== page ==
( Contd. from previous Ezine)
By - Saraswati Kavula
The next day we went to bird watch in the forest surrounding the Maisampet area. It was about a five kilometer route all together. We managed to see some typical plant species of the region and some rare birds. As usual the river
inside the forest was dried up. And even siltation has occurred. “See they have made the huge check dam higher up and this whole place is silted now”. Imran pointed out.
On one of the trees we found bear marks, he must have tried very hard to get on the tree and reach the honey comb that was right on the edge of the thin branch. Every one was delighted. There was a double bonanza. We found pug marks
of the wild boar, and also the scats of tiger. “How can you make out it was done by the tiger?” one of the participants inquired. “Can you see there is fur of the Sambhar inside this stool? Only a tiger can eat a Sambhar and digest its fur. The tiger has a
rough tongue so it first licks out the fur and then eats the animal. We normally use the pug marks and collect the scats when we do the Census of the tiger”, Imran replied. The boys from the conservation group were very thrilled. It has been a bonanza this
is proof enough that the tiger is alive here and it means an entire eco-system is surviving.
We had our breakfast of fruit bread and biscuits inside the forest. But everyone took care not to throw around any trash inside the forest. We sat down and our talk turned to conservation. Each one had their own ideas. Imran asked
people to join his voluntary group, “Hyderabad Tiger Conservation Society”. But there weren't many takers. “We cannot be as dedicated as you are and give so much time. More over everyone need not do the same thing you know.” “Well you don't do anything for
the tiger conservation; just at least do something for the birds that you come to watch!” Imran asked again.
“Well it all depends on the inner motivation, how can everyone be like you? We all are doing different things!” One of the girls tried to reason out. What she meant was that she was happy to bird watch and come to the forest for the
thrill of it, but not bother to do
anything about conservation work. That was the saddest part, to see the apathy of people to come forward and do something about the destruction that is happening around us.
One of them was a freelance writer. Imran asked her, ‘Can you write about this trip to publish it somewhere, so we can generate interest in the public on these matters?” “Well, who can write so much, two-three pages is a little too
much, to write about it don't you think?” she replied. That is the basis for my writing this story.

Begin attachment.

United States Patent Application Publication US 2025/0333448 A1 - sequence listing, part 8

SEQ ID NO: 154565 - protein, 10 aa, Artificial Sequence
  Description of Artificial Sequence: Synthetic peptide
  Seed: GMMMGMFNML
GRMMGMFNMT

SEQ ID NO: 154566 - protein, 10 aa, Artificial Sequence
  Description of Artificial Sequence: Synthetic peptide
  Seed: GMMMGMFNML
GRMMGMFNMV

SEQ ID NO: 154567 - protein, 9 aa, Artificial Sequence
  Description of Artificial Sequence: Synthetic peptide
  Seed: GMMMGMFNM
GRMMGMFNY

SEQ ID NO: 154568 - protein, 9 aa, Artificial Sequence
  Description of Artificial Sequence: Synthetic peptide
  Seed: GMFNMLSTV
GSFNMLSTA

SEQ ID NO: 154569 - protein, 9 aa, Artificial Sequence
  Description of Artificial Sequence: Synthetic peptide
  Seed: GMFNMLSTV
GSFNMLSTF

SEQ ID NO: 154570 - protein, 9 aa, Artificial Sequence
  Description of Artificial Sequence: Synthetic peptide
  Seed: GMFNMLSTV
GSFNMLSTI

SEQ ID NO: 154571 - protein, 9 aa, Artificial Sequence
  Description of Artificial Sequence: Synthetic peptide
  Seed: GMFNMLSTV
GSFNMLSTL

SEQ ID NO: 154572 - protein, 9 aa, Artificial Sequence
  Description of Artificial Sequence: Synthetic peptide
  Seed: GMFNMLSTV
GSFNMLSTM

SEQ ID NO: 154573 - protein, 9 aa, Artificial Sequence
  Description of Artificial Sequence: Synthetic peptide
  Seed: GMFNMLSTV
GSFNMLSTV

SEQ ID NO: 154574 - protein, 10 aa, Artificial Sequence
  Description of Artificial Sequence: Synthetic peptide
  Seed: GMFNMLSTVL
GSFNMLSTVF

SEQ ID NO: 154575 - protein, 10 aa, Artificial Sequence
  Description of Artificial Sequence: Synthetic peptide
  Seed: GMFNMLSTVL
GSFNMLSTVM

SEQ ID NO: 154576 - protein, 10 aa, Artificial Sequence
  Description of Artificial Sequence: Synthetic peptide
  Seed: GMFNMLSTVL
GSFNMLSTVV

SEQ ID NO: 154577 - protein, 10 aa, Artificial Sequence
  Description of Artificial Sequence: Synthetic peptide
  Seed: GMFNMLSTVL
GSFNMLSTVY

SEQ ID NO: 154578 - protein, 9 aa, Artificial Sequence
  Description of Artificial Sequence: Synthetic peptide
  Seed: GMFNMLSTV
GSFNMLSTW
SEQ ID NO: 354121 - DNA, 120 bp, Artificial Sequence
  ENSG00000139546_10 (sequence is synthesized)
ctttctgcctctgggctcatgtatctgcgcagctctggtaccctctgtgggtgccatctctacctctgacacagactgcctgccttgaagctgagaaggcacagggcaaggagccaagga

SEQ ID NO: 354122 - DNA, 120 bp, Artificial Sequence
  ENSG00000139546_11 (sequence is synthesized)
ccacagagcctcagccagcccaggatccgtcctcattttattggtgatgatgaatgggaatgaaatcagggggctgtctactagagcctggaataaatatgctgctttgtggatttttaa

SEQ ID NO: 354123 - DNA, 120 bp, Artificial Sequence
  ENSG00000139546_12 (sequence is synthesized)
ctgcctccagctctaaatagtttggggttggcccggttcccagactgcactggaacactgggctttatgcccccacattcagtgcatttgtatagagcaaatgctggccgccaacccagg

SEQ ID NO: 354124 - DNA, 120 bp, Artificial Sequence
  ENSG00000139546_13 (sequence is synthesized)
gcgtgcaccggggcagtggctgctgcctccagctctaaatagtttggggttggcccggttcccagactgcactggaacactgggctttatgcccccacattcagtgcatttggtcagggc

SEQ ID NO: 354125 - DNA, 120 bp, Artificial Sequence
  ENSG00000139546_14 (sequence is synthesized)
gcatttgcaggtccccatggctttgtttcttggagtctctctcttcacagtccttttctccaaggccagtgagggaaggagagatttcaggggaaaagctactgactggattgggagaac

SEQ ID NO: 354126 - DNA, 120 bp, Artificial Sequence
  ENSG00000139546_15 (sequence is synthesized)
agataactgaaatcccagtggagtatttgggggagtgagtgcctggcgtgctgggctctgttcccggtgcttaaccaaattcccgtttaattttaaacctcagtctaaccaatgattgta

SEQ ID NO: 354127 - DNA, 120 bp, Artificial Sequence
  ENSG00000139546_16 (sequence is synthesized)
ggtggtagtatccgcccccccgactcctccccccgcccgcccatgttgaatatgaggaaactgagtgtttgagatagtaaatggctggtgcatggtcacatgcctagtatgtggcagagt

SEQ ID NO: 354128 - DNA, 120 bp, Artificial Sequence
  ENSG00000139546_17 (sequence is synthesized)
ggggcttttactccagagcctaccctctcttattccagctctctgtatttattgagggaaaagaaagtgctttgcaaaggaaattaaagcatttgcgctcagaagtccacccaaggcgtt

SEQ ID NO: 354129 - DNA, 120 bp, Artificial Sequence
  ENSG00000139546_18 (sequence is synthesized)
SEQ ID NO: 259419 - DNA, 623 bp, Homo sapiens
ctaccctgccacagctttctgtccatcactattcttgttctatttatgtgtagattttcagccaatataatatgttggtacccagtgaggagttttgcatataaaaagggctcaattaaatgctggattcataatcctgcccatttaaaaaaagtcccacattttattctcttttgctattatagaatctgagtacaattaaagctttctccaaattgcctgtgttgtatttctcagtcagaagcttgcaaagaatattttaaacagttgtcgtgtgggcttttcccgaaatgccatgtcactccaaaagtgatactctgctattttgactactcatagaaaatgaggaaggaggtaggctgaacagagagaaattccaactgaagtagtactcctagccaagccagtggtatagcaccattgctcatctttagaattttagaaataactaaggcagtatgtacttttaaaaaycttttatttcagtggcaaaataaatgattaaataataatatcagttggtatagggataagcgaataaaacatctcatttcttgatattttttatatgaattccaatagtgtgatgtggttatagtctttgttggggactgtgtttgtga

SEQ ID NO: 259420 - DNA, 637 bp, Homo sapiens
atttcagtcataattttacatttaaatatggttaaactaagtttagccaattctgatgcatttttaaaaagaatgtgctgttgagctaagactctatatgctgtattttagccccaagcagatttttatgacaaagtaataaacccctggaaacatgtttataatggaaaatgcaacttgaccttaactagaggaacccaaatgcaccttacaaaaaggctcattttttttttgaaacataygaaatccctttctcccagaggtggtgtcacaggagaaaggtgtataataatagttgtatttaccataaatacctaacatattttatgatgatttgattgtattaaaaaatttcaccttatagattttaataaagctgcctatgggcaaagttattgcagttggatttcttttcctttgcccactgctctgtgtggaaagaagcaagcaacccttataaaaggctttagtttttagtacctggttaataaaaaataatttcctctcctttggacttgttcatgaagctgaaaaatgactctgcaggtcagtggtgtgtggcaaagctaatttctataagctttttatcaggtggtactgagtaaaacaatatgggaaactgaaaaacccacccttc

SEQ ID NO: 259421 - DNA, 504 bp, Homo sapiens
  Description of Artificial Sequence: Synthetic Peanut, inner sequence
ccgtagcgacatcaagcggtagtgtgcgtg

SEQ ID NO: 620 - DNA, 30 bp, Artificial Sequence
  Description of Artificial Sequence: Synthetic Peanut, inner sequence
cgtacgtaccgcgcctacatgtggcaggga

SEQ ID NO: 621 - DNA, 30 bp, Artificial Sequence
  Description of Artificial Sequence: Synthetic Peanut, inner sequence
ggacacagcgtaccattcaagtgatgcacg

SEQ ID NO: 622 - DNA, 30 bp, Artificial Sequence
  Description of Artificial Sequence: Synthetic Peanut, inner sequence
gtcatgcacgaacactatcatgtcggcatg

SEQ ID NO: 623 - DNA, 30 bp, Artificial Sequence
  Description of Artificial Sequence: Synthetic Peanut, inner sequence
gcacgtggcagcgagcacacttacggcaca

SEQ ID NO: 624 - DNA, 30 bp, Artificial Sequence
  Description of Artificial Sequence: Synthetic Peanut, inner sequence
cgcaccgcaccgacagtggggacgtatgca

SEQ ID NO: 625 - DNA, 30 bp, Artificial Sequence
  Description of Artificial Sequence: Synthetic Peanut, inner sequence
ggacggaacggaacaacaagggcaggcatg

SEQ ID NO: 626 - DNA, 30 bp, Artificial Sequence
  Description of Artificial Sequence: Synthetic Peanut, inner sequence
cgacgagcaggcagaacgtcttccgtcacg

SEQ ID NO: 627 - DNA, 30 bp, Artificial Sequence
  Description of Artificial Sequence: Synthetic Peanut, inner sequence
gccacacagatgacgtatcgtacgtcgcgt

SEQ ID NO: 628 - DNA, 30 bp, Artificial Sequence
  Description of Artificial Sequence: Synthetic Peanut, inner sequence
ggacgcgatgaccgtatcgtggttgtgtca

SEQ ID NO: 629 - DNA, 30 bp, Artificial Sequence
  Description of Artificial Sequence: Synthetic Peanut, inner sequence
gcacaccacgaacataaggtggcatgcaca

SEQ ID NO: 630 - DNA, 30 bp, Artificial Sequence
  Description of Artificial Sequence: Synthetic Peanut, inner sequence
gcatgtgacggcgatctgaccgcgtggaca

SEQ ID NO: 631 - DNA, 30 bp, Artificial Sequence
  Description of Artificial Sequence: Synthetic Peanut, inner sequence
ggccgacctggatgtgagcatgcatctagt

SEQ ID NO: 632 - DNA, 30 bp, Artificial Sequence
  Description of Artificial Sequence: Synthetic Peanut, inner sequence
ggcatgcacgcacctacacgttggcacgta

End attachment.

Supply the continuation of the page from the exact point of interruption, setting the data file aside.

By noon , we reached the village. The DFO* of Jannaram, Mr.Vinod Babu had come to the village. We all sat on the ‘charpais' to have tea and talk while the lunch was being made. Imran and Vinod Babu started to exchange information about
the situation in the forest. Vinod Babu told us about the problems of resettling people. After promising to take our entire luggage back to Jannaram in his jeep and also one of the injured participants, he left saying that he shall send the jeep in an hour
back to us. Seetabai made an absolutely fabulous lunch. It was surely one of the best meals I have ever had. I asked Seetabai, “How is life here for you?” “Well it has been tough, there are no rains and no water, this year the crops failed miserably. We are
living only on the rations provided by the ITDA**” she replied. “You go on cutting down the forest, where will you have water?” I asked her, she nodded her head in agreement. By the time the lunch was over, the jeep had arrived and we lugged in all the baggage
into the jeep and also sent away the invalids in the jeep to Jannaram. But we had a long walk. At first it was supposed to be five kilometres, and then we came to know it was going to be eight kms. The prospect was a bit daunting.
We moved through the forest towards Udhampur to reach the machaan. On our way we came across a dried forest stream. There were some people sitting on the riverbed. We wondered who they were. On closer examination we found them
to be taking sand in tractors. Imran and Asif went to inquire from them. The people said they worked for a contractor from Utnoor and took the sand in the tractors which will then be sold in Hyderabad for construction work. We asked them, ‘isn't sand mining
illegal?' they said, ‘yes'. Then don't you get caught by the forest department?' they said, ‘we pay Rs.200 for each trip to whosoever is on duty'. We took some photographs of the mining activity. Then we went up on our way. There was a lake just before we
reached the village border. It had some good bird life. It was getting dark. There was a discussion, whether we should go to the machaan, or if we should head back to Jannaram. Then one of the members of the team said, ‘let us go and see if the jeep has come
to Udhampur, if it is there, then we can still make it to the machaan in time'. So we went towards the village in search of Linganna and to find out if our jeep has arrived from Jannaram to pick us up.
( To be continued)
Photo credits: Pugmarks by Asif Siddiqui, Sand mining by Saraswati Kavula
* District Forest Officer
**Integrated Tribal Development Agency